I think every single WordPress user has been in this situation at least once before. Whether because of an update gone wrong, a hacker, or making edits that ended up being permanent, there are plenty of instances where you might want to restore WordPress from a backup. You can’t do this if you don’t backup your WordPress site first, but assuming you have the file, restoring has become quite an easy task.
Restore WordPress from a backup, the options
There are a number of ways to run a backup of WordPress, which means there are a number of ways to restore a site. While the exact steps + button text might vary slightly, the idea remains the same.
My favorite backup to use is a server side backup from your hosting company. These tend to be complete backups of #allthethings that make up your site, are run daily (or at least should be) + are often the easiest to getting your site back in action. Where these backups run into problems is if you want to restore a single file or specific folder.
If you’re not using a hosting backup, you might restore WordPress from a plugin backup. Like one from BackupBuddy or BackWPUp. These plugins allow you to restore the entire site or specific files, but they also require some more hands-on work from you the site owner. You can schedule backups, but it’s up to you to ensure they are running + running as often as you want them to.
Shit’s broke…now what?
So you’ve found yourself in a situation where you need to get your site back to a previous version. If you ran a backup just before making the updates or changes, it’s a safe bet that you could go the more simple route + use the entire backup.
For our hosting clients, that means following these 4 steps:
- Log into their hosting dashboard.
- Click on the backups tab to select a backup to restore (most likely the newest one).
- Click “Restore” on that specific backup.
- Confirm that they want to restore. Then wait the few seconds it’ll take.
Those 4 steps take less than a minute to do from start to finish. Which is a big relief when you’re dealing with a borked website.
The good news is that plugin backups are pretty similar, as long as you know where to look. And if you’re running an ecommerce site where orders come in frequently, a plugin update may give you more control so you don’t lose order data.
From within your WordPress dashboard, click on the name of your backup plugin to view your backups. You’ll likely see a Restore / Migrate option within the menu or next to individual backups. Different plugins will confirm different details, but you’ll be able to return your site to it’s previous glory with only a few button clicks.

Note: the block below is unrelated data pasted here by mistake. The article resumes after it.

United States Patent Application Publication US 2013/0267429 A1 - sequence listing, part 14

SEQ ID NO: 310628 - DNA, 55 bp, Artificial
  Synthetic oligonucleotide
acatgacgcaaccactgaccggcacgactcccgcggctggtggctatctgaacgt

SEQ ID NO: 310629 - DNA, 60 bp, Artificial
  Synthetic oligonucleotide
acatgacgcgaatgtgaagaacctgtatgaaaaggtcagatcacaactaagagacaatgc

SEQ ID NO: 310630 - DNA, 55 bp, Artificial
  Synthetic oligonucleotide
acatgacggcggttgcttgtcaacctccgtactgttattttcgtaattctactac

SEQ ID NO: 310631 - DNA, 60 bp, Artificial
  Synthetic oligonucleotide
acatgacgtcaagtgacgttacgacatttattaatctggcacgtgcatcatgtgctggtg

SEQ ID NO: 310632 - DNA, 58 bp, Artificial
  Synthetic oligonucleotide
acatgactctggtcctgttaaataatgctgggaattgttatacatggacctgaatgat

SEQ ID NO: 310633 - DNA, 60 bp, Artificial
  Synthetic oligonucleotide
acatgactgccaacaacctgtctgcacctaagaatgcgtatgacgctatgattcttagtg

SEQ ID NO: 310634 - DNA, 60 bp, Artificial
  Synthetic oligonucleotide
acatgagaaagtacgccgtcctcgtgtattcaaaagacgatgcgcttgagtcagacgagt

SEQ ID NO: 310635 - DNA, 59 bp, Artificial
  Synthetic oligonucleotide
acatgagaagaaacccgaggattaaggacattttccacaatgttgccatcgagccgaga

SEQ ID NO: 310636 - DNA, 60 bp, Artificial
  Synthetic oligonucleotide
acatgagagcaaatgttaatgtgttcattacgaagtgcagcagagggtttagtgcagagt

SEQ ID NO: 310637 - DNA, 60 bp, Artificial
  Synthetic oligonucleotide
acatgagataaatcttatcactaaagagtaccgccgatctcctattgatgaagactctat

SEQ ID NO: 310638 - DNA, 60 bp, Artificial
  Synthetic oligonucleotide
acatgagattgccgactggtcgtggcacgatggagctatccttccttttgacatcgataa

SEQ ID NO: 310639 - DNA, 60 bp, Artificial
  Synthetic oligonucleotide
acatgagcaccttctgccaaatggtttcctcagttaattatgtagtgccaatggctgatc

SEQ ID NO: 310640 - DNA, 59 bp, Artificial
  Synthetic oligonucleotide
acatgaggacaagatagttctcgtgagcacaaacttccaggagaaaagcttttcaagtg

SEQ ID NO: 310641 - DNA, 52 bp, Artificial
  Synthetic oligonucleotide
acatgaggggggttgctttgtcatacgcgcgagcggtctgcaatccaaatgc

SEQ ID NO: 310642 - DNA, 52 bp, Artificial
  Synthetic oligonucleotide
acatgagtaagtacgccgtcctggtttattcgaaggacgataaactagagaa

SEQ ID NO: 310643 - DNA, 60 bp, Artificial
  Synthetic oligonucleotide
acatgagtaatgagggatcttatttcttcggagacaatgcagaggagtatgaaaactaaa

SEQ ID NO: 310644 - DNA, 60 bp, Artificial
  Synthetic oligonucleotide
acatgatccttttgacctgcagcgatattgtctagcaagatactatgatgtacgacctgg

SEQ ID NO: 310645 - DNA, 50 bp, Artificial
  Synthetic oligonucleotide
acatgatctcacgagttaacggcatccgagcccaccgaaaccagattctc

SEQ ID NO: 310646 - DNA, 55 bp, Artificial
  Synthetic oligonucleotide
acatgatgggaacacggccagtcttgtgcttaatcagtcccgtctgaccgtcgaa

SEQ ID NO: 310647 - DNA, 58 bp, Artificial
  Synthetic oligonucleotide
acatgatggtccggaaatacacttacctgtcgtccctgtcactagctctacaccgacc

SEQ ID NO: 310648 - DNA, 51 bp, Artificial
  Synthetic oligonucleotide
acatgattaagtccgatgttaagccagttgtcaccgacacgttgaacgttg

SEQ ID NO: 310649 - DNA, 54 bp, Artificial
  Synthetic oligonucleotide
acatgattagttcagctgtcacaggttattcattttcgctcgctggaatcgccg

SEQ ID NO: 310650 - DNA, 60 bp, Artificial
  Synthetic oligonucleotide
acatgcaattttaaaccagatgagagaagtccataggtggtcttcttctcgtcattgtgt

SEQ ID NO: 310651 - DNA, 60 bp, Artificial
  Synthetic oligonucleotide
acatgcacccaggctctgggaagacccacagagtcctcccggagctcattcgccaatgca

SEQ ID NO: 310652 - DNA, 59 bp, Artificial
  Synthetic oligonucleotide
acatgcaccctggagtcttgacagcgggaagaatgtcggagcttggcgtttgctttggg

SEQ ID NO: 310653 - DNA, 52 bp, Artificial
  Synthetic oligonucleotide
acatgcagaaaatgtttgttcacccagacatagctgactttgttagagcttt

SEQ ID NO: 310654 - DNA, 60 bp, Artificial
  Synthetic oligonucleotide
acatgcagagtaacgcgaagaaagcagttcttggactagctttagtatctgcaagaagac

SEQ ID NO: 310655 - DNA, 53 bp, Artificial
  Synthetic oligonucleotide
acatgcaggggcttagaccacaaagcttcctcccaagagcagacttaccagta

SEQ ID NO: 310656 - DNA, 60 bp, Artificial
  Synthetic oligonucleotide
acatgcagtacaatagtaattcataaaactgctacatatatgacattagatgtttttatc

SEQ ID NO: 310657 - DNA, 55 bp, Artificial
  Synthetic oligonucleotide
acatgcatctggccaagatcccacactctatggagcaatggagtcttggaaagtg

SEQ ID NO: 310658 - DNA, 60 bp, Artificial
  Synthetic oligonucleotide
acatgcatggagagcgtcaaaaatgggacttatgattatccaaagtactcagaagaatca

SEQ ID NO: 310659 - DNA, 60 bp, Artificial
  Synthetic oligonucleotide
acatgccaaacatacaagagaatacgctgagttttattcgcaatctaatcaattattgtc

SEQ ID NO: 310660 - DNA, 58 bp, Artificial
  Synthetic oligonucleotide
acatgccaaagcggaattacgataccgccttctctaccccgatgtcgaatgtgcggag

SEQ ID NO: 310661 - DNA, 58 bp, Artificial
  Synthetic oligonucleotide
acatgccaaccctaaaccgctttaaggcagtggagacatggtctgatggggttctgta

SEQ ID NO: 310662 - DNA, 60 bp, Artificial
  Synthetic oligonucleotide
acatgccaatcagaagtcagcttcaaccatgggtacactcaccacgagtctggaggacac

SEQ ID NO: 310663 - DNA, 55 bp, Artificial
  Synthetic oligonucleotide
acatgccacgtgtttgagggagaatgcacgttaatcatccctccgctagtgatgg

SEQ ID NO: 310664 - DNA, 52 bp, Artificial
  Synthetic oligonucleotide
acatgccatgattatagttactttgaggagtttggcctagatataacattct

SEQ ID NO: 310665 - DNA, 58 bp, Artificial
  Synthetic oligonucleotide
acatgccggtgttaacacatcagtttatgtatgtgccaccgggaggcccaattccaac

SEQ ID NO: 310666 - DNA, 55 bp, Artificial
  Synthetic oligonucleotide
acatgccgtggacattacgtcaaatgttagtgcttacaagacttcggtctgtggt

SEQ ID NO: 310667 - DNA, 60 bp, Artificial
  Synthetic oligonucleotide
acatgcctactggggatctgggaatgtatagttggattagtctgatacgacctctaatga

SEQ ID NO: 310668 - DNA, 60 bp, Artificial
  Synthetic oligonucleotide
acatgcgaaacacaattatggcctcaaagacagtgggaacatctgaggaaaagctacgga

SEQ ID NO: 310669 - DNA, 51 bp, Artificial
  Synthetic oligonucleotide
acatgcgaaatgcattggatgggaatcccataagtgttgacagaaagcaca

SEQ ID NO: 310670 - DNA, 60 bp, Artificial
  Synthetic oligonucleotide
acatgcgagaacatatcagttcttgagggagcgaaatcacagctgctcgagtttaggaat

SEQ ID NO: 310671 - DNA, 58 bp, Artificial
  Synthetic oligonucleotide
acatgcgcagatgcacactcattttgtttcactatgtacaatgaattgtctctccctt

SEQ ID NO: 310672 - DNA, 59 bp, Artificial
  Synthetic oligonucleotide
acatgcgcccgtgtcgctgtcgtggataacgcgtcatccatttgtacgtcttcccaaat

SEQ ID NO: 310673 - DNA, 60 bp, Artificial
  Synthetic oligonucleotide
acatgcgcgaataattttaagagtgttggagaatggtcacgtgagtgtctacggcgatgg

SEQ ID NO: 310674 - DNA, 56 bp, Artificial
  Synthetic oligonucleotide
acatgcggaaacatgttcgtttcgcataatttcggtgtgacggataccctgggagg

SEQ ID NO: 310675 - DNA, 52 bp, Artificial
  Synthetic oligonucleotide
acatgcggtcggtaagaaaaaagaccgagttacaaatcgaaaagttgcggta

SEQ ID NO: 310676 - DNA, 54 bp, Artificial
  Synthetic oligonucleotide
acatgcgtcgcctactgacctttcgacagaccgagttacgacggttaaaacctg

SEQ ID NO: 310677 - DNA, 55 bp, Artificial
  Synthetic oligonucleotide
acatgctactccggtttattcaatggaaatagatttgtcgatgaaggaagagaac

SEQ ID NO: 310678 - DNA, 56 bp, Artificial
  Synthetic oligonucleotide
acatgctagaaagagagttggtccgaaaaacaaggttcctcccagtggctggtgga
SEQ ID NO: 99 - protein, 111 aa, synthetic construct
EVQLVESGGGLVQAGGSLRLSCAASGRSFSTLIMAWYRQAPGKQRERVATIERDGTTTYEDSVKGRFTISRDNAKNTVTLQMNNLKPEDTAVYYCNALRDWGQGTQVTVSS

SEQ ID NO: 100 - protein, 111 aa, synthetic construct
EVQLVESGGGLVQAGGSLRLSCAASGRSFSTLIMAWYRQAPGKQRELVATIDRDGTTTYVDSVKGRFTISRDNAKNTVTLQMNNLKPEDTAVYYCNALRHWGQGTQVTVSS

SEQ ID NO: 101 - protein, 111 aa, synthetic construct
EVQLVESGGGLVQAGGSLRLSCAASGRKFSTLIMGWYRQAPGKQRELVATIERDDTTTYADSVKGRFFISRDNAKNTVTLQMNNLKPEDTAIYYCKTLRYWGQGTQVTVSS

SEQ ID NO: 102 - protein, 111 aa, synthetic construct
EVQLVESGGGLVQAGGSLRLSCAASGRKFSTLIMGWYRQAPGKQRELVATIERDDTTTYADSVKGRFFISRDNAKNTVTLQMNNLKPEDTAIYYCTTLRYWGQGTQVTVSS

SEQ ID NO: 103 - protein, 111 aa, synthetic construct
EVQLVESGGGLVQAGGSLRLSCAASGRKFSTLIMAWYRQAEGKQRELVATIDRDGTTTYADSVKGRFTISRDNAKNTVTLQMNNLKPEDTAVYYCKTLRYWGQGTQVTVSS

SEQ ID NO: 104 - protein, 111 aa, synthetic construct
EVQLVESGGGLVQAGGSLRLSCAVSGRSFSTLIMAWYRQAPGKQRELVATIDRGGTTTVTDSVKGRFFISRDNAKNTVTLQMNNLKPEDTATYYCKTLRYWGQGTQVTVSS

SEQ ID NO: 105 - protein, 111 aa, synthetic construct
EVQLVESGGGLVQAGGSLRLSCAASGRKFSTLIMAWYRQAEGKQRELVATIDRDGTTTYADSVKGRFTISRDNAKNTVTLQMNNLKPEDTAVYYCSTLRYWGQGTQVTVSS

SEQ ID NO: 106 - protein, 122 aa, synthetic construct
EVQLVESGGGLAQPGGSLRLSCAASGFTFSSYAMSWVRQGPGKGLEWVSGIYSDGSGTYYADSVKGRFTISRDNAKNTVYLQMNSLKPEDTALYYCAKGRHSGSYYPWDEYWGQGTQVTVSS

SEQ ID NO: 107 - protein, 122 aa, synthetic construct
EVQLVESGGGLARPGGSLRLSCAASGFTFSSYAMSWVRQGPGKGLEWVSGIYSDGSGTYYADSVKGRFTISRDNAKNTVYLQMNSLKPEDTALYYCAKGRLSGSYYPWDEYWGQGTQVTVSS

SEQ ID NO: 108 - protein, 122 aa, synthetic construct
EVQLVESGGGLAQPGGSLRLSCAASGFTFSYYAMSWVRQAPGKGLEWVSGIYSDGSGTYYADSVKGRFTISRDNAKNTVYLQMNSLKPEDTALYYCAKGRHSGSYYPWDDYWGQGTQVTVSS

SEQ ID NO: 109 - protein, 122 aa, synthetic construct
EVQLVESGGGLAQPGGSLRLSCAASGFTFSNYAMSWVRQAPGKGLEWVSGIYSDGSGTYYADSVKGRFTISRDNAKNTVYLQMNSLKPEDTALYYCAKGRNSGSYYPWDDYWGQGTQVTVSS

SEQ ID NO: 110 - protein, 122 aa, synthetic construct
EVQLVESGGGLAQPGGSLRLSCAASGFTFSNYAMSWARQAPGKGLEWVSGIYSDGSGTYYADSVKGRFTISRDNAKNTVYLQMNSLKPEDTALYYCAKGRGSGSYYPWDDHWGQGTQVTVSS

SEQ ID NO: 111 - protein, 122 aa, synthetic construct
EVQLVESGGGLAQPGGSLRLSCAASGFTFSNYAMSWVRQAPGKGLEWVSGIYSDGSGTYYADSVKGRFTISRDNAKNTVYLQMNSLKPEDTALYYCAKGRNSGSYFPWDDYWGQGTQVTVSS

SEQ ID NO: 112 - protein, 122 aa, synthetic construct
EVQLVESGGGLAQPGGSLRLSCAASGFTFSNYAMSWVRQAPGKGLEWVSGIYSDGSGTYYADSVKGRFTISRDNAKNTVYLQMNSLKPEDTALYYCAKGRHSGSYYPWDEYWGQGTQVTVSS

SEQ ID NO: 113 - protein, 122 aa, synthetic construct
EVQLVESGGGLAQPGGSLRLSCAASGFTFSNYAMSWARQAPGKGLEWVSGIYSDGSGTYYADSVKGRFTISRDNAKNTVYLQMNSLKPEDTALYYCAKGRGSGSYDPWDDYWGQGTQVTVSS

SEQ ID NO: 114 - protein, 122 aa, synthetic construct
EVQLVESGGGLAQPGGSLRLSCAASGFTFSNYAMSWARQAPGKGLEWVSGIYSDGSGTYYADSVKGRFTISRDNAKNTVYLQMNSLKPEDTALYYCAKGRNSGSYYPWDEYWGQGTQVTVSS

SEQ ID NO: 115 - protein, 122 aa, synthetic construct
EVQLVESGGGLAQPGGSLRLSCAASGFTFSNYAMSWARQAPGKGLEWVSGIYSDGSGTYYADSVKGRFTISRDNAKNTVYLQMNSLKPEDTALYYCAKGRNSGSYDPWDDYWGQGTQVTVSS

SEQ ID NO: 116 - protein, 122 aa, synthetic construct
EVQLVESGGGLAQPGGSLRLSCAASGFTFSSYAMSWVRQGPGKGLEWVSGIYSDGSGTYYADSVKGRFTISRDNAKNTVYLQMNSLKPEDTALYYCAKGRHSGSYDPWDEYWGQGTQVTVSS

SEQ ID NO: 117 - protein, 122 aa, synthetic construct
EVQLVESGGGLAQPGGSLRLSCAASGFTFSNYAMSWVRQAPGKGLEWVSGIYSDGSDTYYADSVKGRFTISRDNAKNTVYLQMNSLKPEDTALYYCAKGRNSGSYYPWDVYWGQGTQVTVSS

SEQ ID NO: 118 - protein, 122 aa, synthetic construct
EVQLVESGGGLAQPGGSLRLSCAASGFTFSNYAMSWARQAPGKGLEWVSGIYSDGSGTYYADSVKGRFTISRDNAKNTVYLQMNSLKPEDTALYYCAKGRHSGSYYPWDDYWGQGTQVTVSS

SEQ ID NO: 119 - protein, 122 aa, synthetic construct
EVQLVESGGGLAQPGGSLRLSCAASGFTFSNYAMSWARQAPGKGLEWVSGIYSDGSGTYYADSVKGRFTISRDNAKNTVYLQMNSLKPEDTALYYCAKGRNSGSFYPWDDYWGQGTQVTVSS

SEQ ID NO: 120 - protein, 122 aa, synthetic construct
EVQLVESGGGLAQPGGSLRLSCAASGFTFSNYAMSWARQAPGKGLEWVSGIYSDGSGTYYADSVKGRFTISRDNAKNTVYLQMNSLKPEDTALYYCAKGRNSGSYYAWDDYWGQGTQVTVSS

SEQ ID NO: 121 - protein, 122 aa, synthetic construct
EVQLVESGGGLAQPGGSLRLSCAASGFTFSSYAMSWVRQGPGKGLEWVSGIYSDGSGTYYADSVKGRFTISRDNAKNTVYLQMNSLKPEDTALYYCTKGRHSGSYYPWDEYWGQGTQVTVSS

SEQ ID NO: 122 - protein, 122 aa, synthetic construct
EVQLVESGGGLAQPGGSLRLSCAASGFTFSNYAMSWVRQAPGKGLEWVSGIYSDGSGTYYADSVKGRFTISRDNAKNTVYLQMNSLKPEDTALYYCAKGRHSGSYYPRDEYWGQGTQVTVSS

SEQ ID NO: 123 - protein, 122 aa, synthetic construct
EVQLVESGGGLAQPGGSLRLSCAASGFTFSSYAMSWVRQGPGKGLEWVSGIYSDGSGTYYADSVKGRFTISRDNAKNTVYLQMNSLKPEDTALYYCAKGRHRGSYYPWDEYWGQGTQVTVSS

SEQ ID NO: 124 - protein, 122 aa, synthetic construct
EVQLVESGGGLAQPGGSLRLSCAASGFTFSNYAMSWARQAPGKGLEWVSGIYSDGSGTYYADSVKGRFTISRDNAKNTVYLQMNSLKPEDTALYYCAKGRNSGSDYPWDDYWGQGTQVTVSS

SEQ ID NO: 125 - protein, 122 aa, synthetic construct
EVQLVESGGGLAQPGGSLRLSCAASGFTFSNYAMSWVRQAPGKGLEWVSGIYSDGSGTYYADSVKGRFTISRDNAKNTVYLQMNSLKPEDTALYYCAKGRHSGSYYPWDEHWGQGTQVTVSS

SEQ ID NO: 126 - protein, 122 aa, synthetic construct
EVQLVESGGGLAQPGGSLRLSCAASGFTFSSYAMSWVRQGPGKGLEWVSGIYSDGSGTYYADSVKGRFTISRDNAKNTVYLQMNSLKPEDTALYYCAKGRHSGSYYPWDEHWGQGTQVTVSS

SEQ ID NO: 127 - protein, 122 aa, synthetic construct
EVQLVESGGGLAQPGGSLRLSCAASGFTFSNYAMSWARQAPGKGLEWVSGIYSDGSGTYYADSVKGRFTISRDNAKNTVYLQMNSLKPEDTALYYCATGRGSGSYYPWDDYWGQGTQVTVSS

And if you’re picking which files to restore, check the checkboxes next to the ones you want — assuming your backup option allows you to.
What to do after you restore a WordPress site from a backup
You might think that things are groovy after your site is back up from whatever issue it was experiencing. And hopefully it is. But restoring + then running away is not the best plan. Instead, you’re going to do 2 things.
First, hop around the side of your site that your users see. Bonus points if you do this in a private or incognito window. Make sure the site is loading properly + that you’re not spotting any issues on interior pages or posts.
Second, you’ll need to come up with a plan for dealing with whatever broke your site in the first place. If it was a plugin update, make a note of the plugin version you were trying to update to. Give that plugin a week + check back to see if there’s a newer version pending.
Did your site break because you were editing theme files or clearing out content you actually couldn’t get rid of? Now you know + can make those edits outside of the WordPress environment or on a staging site to prevent these issues from happening again.
Was your site hacked + you used that backup to kick the hacker to the curb? It’s time to update every single pending update you have, change every password for all administrator accounts + set up a brute force attack plugin.
Are you more of a visual learner? This video covers restoring a WordPress site from a backup from BackupBuddy, BackWPUp, with SFTP, and a hosting backup.
In the video, I referenced a few elements that you can learn more about with the articles below: